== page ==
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Temperamental Anger and Positive Reactivity and the Development of Social Skills: Implications for Academic Competence During Preadolescence


Dollar, Jessica M; Perry, Nicole B; Calkins, Susan D; Keane, Susan P; Shanahan, Lilly (2018). Temperamental Anger and Positive Reactivity and the Development of Social Skills: Implications for Academic Competence During Preadolescence. Early Education and Development, 29(5):747-761.

Abstract

Research Findings: This study examines whether the development of social skills during childhood serves as a mechanism through which temperamental anger and positive reactivity in toddlerhood influence children’s academic competence during preadolescence (N = 406). Temperamental anger at age 2 was negatively associated with children’s social skills at age 7; in turn, children’s social skills at age 7 were positively associated with teacher reports of academic performance and negatively associated with child and teacher reports of school problems at age 10. All 3 indirect effects were significant, which suggests that children’s social skills at age 7 is one mechanism through which temperamental anger at age 2 is associated with age 10 child- and teacher-reported school problems. Temperamental positive reactivity was not associated with children’s social skills or academic competence. Practice or Policy: Results provide support for early entry points to teach toddlers, especially those high in anger reactivity, the skills to engage in socially appropriate interactions with classmates and teachers, which may lessen subsequent academic challenges.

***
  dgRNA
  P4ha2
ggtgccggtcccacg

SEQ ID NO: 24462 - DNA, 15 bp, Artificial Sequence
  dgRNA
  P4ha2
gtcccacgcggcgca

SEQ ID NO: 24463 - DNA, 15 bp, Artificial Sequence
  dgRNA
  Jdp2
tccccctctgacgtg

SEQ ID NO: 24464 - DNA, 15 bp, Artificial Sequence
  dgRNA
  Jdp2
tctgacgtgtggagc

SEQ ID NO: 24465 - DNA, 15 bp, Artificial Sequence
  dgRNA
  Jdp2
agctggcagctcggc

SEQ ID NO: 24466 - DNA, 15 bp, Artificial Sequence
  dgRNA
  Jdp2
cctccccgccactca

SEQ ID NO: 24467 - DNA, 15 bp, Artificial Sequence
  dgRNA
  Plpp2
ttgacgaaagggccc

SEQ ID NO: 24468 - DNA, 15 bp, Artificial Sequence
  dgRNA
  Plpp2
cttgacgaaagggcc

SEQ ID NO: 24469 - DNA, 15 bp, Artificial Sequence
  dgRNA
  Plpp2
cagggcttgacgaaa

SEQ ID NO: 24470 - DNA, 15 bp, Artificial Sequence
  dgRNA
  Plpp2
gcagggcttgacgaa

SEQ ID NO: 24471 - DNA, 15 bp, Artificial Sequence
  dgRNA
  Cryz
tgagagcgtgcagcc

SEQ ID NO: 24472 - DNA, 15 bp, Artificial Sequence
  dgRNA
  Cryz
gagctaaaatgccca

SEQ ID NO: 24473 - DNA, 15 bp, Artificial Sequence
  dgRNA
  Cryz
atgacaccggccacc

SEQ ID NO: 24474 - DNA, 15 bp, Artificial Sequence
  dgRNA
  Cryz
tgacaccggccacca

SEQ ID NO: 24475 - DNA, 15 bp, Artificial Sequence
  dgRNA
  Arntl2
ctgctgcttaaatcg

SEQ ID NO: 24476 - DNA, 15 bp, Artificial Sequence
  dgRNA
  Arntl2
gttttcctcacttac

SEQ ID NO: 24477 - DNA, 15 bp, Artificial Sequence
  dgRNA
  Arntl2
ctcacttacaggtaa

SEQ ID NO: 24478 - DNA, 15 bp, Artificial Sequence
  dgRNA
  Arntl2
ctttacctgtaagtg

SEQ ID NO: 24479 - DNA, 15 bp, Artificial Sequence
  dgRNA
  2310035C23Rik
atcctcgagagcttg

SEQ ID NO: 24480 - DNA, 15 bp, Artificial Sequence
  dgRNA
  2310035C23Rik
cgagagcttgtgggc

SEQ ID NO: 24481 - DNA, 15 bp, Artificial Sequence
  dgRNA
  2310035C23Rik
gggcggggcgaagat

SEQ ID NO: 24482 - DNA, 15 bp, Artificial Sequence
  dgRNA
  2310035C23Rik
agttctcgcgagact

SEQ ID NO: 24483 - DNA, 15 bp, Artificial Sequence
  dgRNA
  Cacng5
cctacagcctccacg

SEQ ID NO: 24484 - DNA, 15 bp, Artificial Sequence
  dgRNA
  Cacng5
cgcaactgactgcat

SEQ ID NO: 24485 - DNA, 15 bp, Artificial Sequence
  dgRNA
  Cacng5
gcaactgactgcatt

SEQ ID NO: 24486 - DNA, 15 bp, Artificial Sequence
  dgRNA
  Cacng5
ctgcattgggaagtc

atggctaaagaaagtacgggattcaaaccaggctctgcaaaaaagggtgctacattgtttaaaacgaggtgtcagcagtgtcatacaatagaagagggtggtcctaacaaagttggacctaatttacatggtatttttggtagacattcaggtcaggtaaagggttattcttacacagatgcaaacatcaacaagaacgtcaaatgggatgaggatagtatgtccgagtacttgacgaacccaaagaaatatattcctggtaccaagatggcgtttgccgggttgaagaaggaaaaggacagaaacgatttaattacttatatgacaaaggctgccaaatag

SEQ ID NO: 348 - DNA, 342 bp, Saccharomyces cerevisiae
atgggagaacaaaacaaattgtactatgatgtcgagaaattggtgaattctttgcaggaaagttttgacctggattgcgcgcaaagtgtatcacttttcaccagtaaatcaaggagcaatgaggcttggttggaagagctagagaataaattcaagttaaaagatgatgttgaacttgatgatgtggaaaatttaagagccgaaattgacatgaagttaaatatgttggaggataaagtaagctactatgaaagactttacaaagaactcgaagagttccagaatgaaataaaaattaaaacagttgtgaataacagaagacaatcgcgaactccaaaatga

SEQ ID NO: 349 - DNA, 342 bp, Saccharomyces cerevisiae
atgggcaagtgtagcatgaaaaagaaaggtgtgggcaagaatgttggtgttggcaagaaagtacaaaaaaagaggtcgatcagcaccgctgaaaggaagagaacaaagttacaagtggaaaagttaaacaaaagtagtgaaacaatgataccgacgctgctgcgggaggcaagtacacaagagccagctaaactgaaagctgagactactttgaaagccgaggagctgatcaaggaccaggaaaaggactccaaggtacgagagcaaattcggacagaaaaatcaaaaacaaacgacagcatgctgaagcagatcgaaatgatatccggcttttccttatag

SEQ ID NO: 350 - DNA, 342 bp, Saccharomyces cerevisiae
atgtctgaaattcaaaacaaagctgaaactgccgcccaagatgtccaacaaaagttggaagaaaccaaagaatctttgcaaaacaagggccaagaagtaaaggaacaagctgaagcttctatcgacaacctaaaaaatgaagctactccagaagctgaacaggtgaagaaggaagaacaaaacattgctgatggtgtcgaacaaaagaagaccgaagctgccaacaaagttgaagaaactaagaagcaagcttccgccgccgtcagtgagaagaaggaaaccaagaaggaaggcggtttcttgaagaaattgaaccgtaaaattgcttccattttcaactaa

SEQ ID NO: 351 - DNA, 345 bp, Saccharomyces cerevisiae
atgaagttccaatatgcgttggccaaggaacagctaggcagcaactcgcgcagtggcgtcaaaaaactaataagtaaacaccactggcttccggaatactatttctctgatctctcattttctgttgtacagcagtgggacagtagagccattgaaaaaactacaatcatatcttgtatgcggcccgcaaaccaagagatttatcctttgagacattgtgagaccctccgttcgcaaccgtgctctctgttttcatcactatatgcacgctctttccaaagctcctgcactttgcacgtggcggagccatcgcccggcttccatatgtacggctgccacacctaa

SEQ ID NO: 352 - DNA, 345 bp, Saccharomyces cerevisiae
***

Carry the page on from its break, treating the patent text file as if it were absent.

Abstract

Research Findings: This study examines whether the development of social skills during childhood serves as a mechanism through which temperamental anger and positive reactivity in toddlerhood influence children’s academic competence during preadolescence (N = 406). Temperamental anger at age 2 was negatively associated with children’s social skills at age 7; in turn, children’s social skills at age 7 were positively associated with teacher reports of academic performance and negatively associated with child and teacher reports of school problems at age 10. All 3 indirect effects were significant, which suggests that children’s social skills at age 7 is one mechanism through which temperamental anger at age 2 is associated with age 10 child- and teacher-reported school problems. Temperamental positive reactivity was not associated with children’s social skills or academic competence. Practice or Policy: Results provide support for early entry points to teach toddlers, especially those high in anger reactivity, the skills to engage in socially appropriate interactions with classmates and teachers, which may lessen subsequent academic challenges.

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Additional indexing

Item Type:Journal Article, refereed, original work
Communities & Collections:06 Faculty of Arts > Institute of Psychology
06 Faculty of Arts > Jacobs Center for Productive Youth Development
Dewey Decimal Classification:150 Psychology
Scopus Subject Areas:Social Sciences & Humanities > Education
Social Sciences & Humanities > Developmental and Educational Psychology
Language:English
Date:2018
Deposited On:08 Feb 2018 12:59
Last Modified:08 Apr 2020 23:11
Publisher:Taylor & Francis
ISSN:1040-9289
OA Status:Green
Publisher DOI:https://doi.org/10.1080/10409289.2017.1409606
Project Information:
  • : FunderNational Institute of Mental Health
  • : Grant IDMH 55625
  • : Project Title
  • : FunderNIMH FIRST Award
  • : Grant IDMH 55584
  • : Project Title
  • : FunderNIMH grant
  • : Grant IDMH 58144
  • : Project Title

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